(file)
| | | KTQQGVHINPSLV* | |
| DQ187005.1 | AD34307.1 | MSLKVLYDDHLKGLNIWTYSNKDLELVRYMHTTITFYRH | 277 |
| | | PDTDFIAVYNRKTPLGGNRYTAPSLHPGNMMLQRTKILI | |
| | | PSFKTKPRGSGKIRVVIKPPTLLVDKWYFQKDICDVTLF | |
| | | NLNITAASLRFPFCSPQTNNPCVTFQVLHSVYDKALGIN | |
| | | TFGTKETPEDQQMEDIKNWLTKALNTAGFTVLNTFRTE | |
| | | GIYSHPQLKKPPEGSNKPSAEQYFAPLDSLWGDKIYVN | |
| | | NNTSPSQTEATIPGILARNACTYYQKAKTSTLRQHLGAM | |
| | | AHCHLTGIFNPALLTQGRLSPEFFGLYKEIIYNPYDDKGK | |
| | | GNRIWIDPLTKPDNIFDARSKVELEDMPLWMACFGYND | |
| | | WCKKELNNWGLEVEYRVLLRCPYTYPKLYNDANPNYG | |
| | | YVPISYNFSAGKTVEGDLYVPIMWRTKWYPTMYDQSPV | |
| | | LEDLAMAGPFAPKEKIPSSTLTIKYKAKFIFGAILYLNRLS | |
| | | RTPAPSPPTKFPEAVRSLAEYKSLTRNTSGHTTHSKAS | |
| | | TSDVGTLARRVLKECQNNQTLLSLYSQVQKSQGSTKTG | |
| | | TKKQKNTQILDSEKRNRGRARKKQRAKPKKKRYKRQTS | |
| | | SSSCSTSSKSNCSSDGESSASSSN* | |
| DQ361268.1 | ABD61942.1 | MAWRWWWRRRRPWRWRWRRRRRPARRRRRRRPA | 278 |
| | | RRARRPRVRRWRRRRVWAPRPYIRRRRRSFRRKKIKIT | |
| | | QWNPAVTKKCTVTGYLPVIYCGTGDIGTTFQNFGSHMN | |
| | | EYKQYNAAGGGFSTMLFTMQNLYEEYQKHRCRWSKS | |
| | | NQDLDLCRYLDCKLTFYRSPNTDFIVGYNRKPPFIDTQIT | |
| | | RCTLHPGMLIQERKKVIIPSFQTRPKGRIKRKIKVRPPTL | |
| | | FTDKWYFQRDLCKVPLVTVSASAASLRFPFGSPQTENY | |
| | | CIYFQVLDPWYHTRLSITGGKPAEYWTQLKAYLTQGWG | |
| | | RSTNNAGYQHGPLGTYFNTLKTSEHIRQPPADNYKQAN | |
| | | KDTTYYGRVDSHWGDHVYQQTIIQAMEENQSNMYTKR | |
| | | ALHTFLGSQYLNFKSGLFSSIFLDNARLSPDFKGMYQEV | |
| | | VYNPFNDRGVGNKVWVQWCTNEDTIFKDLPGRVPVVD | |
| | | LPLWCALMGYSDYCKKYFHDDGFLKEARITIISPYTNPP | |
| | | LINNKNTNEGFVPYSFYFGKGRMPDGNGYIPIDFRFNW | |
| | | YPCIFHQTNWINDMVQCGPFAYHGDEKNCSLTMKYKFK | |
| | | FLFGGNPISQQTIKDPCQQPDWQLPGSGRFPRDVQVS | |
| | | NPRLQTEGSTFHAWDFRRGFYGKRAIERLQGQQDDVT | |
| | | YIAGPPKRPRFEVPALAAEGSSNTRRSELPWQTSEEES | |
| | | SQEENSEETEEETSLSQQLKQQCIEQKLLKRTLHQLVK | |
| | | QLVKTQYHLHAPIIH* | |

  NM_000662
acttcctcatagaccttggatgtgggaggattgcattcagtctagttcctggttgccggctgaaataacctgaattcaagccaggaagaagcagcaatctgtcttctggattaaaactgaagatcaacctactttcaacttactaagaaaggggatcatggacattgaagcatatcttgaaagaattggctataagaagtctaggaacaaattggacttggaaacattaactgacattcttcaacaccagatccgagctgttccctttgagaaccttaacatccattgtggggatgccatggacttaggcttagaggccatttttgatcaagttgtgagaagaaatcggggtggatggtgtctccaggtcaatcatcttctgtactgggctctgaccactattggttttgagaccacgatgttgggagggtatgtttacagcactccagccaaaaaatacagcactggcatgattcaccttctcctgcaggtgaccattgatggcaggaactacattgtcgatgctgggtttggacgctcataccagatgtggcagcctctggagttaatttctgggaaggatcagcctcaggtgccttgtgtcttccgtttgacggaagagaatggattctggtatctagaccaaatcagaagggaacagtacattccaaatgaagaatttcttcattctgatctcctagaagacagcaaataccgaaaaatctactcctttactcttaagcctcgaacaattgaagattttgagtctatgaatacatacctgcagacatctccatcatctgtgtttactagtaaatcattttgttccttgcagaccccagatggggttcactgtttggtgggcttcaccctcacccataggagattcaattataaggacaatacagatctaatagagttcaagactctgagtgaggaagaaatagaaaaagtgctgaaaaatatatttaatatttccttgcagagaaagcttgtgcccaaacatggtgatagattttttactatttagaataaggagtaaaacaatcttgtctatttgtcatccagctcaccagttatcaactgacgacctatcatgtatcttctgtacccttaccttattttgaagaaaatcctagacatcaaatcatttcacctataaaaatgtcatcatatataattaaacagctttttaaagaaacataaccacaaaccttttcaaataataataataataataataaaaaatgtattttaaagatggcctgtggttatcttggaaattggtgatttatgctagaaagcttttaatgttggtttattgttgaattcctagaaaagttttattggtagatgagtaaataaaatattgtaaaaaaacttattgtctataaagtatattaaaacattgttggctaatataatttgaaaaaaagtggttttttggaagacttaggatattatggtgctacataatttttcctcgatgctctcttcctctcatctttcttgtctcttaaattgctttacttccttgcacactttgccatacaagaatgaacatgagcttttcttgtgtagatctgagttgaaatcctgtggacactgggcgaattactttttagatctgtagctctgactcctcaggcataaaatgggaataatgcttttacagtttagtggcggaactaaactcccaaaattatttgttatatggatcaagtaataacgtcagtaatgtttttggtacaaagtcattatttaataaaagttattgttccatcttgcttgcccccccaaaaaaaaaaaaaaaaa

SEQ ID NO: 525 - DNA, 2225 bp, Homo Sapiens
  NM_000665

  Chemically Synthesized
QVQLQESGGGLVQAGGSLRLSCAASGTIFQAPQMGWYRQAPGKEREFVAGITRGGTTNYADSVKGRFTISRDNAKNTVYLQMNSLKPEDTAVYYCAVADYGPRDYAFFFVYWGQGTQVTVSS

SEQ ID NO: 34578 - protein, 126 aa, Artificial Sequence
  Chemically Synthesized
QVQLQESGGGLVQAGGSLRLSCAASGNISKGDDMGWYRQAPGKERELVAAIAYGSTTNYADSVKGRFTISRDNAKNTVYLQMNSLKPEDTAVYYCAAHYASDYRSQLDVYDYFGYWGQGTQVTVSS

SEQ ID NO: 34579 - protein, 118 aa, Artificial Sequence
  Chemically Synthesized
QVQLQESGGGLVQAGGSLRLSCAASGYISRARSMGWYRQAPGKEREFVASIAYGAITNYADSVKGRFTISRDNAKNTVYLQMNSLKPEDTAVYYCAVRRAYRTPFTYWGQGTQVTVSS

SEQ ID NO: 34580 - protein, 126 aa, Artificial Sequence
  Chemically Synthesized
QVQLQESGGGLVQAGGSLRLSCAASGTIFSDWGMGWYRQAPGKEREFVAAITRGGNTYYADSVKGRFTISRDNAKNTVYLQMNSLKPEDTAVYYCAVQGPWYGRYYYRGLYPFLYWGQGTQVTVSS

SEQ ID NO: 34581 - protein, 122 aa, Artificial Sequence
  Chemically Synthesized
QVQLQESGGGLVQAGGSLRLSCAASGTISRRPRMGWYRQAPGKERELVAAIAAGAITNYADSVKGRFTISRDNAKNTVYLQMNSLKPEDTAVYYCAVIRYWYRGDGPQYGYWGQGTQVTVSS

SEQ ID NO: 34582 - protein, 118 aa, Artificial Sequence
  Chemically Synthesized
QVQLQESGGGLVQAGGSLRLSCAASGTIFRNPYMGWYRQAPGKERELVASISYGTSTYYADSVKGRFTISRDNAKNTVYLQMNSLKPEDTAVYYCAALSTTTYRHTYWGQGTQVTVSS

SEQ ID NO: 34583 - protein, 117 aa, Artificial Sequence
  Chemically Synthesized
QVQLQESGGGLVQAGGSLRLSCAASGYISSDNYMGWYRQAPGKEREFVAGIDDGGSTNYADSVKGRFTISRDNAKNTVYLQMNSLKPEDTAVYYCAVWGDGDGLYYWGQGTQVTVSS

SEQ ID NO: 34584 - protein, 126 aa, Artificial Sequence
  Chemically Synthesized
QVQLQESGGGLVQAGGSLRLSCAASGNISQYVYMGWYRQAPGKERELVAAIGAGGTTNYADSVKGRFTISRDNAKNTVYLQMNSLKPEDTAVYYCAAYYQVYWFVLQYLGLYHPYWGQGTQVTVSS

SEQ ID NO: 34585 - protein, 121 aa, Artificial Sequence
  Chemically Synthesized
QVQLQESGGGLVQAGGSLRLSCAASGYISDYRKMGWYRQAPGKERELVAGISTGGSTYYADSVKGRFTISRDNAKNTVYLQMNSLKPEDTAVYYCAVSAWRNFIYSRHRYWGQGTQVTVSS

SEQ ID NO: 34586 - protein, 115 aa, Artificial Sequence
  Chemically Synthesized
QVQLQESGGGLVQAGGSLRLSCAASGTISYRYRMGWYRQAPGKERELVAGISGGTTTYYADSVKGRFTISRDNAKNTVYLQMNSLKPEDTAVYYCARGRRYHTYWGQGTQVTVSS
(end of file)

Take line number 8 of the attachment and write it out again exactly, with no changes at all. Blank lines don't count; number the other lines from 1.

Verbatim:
| | | NNTSPSQTEATIPGILARNACTYYQKAKTSTLRQHLGAM | |